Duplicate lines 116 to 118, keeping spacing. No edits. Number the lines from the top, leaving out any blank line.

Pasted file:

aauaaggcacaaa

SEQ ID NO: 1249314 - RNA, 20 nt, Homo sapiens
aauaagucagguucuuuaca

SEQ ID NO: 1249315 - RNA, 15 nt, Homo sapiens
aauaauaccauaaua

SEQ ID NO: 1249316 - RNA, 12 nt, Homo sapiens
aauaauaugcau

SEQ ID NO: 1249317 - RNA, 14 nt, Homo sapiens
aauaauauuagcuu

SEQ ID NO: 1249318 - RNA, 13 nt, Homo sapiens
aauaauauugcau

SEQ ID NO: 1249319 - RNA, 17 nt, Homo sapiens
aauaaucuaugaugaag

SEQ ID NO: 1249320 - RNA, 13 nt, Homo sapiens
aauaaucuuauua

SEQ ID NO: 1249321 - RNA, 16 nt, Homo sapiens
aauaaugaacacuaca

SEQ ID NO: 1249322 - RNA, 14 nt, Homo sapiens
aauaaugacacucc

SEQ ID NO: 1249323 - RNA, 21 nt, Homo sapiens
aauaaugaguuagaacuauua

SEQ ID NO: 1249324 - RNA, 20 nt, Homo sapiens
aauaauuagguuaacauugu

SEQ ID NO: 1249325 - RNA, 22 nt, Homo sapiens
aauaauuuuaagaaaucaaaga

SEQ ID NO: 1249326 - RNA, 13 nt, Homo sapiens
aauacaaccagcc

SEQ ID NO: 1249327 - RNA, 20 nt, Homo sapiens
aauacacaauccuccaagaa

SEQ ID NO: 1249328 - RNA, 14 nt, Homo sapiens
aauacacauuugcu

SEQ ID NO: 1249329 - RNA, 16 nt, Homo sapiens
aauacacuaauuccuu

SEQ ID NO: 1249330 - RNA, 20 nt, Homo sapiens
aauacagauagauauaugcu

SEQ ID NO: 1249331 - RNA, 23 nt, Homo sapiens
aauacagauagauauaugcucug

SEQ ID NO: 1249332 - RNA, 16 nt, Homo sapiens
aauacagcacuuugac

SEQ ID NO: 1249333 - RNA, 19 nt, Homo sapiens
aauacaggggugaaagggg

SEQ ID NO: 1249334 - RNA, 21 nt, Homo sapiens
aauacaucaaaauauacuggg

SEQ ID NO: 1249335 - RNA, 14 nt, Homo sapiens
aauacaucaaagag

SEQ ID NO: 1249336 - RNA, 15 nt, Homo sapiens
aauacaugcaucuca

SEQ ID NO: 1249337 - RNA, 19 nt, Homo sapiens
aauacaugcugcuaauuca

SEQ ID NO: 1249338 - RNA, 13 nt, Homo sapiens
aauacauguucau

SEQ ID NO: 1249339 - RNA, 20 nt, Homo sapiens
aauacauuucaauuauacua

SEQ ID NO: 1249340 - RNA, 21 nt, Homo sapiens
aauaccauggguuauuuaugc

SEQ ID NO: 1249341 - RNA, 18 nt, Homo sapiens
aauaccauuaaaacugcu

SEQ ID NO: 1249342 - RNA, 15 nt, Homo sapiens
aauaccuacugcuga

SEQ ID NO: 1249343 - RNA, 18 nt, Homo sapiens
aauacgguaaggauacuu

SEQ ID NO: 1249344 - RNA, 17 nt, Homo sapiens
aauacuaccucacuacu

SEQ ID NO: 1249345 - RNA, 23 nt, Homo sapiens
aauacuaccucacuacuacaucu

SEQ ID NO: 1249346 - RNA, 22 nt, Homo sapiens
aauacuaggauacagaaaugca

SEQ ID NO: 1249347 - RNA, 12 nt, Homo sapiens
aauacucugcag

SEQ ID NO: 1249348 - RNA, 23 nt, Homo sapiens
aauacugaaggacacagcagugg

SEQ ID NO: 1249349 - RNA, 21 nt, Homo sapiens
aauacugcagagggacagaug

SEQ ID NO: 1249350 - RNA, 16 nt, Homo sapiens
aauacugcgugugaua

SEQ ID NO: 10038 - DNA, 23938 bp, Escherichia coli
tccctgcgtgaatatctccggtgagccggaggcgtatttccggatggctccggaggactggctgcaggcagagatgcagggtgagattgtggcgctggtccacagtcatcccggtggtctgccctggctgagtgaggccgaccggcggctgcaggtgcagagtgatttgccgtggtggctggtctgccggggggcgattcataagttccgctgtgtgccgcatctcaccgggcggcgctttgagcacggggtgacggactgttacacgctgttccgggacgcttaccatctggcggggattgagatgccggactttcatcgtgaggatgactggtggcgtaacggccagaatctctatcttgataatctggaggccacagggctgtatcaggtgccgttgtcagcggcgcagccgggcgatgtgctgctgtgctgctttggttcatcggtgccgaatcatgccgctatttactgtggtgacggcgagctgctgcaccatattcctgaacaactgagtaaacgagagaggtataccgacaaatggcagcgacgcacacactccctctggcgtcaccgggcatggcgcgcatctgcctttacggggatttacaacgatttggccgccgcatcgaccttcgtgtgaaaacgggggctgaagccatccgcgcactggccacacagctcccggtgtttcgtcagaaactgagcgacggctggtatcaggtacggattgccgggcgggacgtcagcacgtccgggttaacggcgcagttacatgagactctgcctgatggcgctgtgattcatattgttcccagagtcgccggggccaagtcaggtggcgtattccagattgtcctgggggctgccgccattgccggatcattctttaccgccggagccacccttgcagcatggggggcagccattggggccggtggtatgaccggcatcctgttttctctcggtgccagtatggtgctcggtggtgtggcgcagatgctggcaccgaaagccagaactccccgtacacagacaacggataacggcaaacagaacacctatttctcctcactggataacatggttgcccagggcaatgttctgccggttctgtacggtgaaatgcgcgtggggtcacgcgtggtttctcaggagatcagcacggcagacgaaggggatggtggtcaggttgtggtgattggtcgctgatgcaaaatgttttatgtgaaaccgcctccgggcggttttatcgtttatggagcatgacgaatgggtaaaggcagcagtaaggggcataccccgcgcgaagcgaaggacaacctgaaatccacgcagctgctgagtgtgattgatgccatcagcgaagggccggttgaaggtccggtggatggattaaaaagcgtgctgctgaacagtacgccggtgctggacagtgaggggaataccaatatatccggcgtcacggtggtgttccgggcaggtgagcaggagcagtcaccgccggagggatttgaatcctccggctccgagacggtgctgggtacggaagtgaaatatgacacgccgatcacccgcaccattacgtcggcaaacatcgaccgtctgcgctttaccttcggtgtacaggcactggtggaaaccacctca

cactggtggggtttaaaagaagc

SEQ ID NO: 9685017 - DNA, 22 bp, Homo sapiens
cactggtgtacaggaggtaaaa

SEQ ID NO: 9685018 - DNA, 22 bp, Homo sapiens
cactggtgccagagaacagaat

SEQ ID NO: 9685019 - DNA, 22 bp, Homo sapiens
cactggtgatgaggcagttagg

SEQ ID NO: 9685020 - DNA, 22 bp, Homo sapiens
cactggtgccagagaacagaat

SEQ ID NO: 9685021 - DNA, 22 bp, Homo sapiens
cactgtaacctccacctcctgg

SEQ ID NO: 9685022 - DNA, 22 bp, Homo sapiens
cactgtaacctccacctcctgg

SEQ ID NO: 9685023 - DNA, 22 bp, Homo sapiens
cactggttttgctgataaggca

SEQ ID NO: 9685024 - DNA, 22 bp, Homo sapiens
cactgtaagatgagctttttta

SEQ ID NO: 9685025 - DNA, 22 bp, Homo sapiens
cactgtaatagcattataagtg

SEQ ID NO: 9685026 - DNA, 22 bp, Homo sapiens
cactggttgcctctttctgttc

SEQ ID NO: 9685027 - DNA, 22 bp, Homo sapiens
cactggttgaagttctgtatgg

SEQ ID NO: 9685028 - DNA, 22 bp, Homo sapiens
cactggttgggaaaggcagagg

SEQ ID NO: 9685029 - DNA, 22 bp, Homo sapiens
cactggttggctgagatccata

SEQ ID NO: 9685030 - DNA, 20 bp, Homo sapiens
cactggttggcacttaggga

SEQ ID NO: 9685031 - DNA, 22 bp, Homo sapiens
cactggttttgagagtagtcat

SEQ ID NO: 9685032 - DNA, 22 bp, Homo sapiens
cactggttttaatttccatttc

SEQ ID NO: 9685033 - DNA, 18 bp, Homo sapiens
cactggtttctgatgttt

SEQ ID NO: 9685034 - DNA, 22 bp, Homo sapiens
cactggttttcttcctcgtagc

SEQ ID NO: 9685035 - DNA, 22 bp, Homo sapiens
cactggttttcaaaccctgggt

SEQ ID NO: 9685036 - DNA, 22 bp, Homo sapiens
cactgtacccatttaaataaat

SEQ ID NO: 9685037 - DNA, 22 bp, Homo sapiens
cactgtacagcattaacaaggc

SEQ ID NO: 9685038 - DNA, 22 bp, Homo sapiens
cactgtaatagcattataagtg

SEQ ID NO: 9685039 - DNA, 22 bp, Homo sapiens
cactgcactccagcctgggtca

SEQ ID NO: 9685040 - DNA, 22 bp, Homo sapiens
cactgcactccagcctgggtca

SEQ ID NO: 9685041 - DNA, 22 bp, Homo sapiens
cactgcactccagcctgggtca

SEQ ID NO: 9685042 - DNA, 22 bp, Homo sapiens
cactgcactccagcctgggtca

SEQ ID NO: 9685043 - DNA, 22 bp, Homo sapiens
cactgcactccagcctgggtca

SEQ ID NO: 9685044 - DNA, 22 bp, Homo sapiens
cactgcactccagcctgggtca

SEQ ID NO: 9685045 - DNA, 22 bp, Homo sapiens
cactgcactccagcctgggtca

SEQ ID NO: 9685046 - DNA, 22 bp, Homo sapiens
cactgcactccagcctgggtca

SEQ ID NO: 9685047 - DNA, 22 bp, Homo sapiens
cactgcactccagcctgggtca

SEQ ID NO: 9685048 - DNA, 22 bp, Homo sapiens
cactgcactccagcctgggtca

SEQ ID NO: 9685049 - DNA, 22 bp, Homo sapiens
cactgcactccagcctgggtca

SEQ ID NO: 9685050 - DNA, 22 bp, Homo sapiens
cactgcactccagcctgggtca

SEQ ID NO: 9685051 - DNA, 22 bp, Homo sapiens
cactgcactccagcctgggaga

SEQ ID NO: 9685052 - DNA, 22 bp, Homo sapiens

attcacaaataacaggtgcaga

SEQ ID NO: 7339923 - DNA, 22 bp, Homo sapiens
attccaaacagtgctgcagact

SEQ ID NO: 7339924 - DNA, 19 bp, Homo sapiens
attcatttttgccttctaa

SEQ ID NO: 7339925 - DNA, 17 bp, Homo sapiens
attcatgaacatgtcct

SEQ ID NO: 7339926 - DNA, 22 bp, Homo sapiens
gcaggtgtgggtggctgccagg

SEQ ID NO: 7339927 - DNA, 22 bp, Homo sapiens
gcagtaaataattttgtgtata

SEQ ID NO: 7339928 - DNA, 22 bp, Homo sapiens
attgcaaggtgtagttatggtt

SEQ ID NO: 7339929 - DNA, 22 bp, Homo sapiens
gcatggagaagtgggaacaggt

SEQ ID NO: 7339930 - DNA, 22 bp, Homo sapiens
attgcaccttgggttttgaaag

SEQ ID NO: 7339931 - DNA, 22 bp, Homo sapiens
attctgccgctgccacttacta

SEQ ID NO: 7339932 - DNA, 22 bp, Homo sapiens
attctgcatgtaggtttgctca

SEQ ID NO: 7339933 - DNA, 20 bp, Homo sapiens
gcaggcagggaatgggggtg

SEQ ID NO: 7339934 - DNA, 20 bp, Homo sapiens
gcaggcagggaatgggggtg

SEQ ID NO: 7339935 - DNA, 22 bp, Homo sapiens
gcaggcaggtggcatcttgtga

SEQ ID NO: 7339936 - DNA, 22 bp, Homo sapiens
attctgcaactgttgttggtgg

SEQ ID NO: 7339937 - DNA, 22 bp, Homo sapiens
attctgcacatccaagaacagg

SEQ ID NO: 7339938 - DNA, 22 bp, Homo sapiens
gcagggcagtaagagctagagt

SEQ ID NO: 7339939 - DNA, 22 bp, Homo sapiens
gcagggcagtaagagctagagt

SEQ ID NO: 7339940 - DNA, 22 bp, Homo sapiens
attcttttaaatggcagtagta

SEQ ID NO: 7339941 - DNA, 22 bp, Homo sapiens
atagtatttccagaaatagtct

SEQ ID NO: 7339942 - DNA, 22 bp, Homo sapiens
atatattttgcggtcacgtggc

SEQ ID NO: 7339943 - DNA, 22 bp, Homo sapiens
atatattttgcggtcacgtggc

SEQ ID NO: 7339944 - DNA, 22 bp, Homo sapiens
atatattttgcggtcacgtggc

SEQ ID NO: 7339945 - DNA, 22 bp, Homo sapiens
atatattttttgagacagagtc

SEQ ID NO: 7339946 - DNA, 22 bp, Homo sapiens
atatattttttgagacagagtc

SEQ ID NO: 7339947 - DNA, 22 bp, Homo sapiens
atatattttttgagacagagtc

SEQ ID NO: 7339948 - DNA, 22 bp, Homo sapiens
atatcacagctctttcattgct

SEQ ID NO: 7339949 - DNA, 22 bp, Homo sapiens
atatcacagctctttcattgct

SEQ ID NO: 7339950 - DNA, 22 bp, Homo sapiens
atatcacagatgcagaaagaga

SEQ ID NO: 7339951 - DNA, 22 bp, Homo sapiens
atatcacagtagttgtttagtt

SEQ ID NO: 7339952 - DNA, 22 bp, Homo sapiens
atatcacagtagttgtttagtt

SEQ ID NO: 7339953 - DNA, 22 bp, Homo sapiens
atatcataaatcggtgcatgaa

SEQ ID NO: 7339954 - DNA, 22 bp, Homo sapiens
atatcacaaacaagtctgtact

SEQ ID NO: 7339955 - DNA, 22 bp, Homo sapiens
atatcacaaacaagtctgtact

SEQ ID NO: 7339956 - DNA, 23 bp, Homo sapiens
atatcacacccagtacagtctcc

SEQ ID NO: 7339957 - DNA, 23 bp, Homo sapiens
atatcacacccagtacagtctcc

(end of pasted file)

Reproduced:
cactggttttcaaaccctgggt

SEQ ID NO: 9685036 - DNA, 22 bp, Homo sapiens
cactgtacccatttaaataaat